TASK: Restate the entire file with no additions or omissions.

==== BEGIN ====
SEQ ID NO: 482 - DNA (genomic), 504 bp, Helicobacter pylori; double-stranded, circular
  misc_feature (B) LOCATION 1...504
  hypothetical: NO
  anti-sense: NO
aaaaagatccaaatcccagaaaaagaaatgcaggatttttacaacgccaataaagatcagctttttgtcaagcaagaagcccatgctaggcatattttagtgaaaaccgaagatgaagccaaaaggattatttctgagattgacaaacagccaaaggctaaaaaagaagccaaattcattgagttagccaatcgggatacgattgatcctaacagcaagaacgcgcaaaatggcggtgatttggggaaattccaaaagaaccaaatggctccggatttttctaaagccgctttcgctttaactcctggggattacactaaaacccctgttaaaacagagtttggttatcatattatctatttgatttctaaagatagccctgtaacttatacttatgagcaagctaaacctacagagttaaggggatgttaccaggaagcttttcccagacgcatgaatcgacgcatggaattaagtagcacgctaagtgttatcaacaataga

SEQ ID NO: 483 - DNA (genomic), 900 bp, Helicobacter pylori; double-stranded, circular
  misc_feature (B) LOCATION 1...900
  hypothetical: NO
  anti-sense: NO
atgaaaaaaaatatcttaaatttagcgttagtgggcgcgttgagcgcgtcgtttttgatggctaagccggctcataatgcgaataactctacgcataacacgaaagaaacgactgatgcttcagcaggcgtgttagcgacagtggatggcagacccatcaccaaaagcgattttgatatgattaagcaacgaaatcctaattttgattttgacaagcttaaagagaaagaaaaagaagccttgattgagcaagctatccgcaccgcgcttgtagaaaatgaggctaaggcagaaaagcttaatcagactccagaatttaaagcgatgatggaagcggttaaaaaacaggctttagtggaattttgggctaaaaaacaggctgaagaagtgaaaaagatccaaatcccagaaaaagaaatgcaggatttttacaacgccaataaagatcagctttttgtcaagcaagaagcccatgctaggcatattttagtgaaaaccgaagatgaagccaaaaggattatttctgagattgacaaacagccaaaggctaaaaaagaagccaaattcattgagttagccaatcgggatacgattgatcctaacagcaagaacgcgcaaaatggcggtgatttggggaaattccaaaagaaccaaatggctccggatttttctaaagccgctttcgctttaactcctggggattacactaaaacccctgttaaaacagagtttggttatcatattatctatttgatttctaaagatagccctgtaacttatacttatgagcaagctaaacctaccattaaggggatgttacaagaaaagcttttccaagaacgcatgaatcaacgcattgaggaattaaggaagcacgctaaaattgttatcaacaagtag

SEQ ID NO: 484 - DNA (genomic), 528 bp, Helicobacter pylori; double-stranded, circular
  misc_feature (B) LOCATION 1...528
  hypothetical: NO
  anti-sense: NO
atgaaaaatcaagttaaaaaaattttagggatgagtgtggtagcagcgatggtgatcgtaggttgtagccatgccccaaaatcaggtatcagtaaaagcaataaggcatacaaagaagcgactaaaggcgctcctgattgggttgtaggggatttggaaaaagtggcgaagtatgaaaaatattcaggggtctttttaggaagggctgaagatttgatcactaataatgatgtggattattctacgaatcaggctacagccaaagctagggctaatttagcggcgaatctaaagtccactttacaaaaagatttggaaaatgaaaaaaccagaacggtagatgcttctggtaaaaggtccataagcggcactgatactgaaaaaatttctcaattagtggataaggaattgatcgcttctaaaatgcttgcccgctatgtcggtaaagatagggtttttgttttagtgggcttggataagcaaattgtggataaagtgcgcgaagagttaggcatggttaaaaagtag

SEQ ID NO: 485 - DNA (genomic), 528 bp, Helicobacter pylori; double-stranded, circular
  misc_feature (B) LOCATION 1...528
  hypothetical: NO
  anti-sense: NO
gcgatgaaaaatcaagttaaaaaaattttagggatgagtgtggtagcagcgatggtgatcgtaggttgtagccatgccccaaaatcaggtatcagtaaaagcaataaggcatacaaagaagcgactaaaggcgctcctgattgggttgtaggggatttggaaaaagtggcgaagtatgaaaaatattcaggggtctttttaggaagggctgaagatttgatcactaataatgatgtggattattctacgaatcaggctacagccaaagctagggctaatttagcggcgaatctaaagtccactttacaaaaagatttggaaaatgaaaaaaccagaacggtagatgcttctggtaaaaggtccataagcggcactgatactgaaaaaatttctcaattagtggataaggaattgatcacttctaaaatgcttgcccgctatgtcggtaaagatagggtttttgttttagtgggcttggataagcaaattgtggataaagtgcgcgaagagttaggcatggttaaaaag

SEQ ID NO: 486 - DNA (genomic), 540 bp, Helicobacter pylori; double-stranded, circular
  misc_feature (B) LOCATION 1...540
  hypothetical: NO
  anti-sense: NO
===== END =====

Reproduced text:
SEQ ID NO: 482 - DNA (genomic), 504 bp, Helicobacter pylori; double-stranded, circular
  misc_feature (B) LOCATION 1...504
  hypothetical: NO
  anti-sense: NO
aaaaagatccaaatcccagaaaaagaaatgcaggatttttacaacgccaataaagatcagctttttgtcaagcaagaagcccatgctaggcatattttagtgaaaaccgaagatgaagccaaaaggattatttctgagattgacaaacagccaaaggctaaaaaagaagccaaattcattgagttagccaatcgggatacgattgatcctaacagcaagaacgcgcaaaatggcggtgatttggggaaattccaaaagaaccaaatggctccggatttttctaaagccgctttcgctttaactcctggggattacactaaaacccctgttaaaacagagtttggttatcatattatctatttgatttctaaagatagccctgtaacttatacttatgagcaagctaaacctacagagttaaggggatgttaccaggaagcttttcccagacgcatgaatcgacgcatggaattaagtagcacgctaagtgttatcaacaataga

SEQ ID NO: 483 - DNA (genomic), 900 bp, Helicobacter pylori; double-stranded, circular
  misc_feature (B) LOCATION 1...900
  hypothetical: NO
  anti-sense: NO
atgaaaaaaaatatcttaaatttagcgttagtgggcgcgttgagcgcgtcgtttttgatggctaagccggctcataatgcgaataactctacgcataacacgaaagaaacgactgatgcttcagcaggcgtgttagcgacagtggatggcagacccatcaccaaaagcgattttgatatgattaagcaacgaaatcctaattttgattttgacaagcttaaagagaaagaaaaagaagccttgattgagcaagctatccgcaccgcgcttgtagaaaatgaggctaaggcagaaaagcttaatcagactccagaatttaaagcgatgatggaagcggttaaaaaacaggctttagtggaattttgggctaaaaaacaggctgaagaagtgaaaaagatccaaatcccagaaaaagaaatgcaggatttttacaacgccaataaagatcagctttttgtcaagcaagaagcccatgctaggcatattttagtgaaaaccgaagatgaagccaaaaggattatttctgagattgacaaacagccaaaggctaaaaaagaagccaaattcattgagttagccaatcgggatacgattgatcctaacagcaagaacgcgcaaaatggcggtgatttggggaaattccaaaagaaccaaatggctccggatttttctaaagccgctttcgctttaactcctggggattacactaaaacccctgttaaaacagagtttggttatcatattatctatttgatttctaaagatagccctgtaacttatacttatgagcaagctaaacctaccattaaggggatgttacaagaaaagcttttccaagaacgcatgaatcaacgcattgaggaattaaggaagcacgctaaaattgttatcaacaagtag

SEQ ID NO: 484 - DNA (genomic), 528 bp, Helicobacter pylori; double-stranded, circular
  misc_feature (B) LOCATION 1...528
  hypothetical: NO
  anti-sense: NO
atgaaaaatcaagttaaaaaaattttagggatgagtgtggtagcagcgatggtgatcgtaggttgtagccatgccccaaaatcaggtatcagtaaaagcaataaggcatacaaagaagcgactaaaggcgctcctgattgggttgtaggggatttggaaaaagtggcgaagtatgaaaaatattcaggggtctttttaggaagggctgaagatttgatcactaataatgatgtggattattctacgaatcaggctacagccaaagctagggctaatttagcggcgaatctaaagtccactttacaaaaagatttggaaaatgaaaaaaccagaacggtagatgcttctggtaaaaggtccataagcggcactgatactgaaaaaatttctcaattagtggataaggaattgatcgcttctaaaatgcttgcccgctatgtcggtaaagatagggtttttgttttagtgggcttggataagcaaattgtggataaagtgcgcgaagagttaggcatggttaaaaagtag

SEQ ID NO: 485 - DNA (genomic), 528 bp, Helicobacter pylori; double-stranded, circular
  misc_feature (B) LOCATION 1...528
  hypothetical: NO
  anti-sense: NO
gcgatgaaaaatcaagttaaaaaaattttagggatgagtgtggtagcagcgatggtgatcgtaggttgtagccatgccccaaaatcaggtatcagtaaaagcaataaggcatacaaagaagcgactaaaggcgctcctgattgggttgtaggggatttggaaaaagtggcgaagtatgaaaaatattcaggggtctttttaggaagggctgaagatttgatcactaataatgatgtggattattctacgaatcaggctacagccaaagctagggctaatttagcggcgaatctaaagtccactttacaaaaagatttggaaaatgaaaaaaccagaacggtagatgcttctggtaaaaggtccataagcggcactgatactgaaaaaatttctcaattagtggataaggaattgatcacttctaaaatgcttgcccgctatgtcggtaaagatagggtttttgttttagtgggcttggataagcaaattgtggataaagtgcgcgaagagttaggcatggttaaaaag

SEQ ID NO: 486 - DNA (genomic), 540 bp, Helicobacter pylori; double-stranded, circular
  misc_feature (B) LOCATION 1...540
  hypothetical: NO
  anti-sense: NO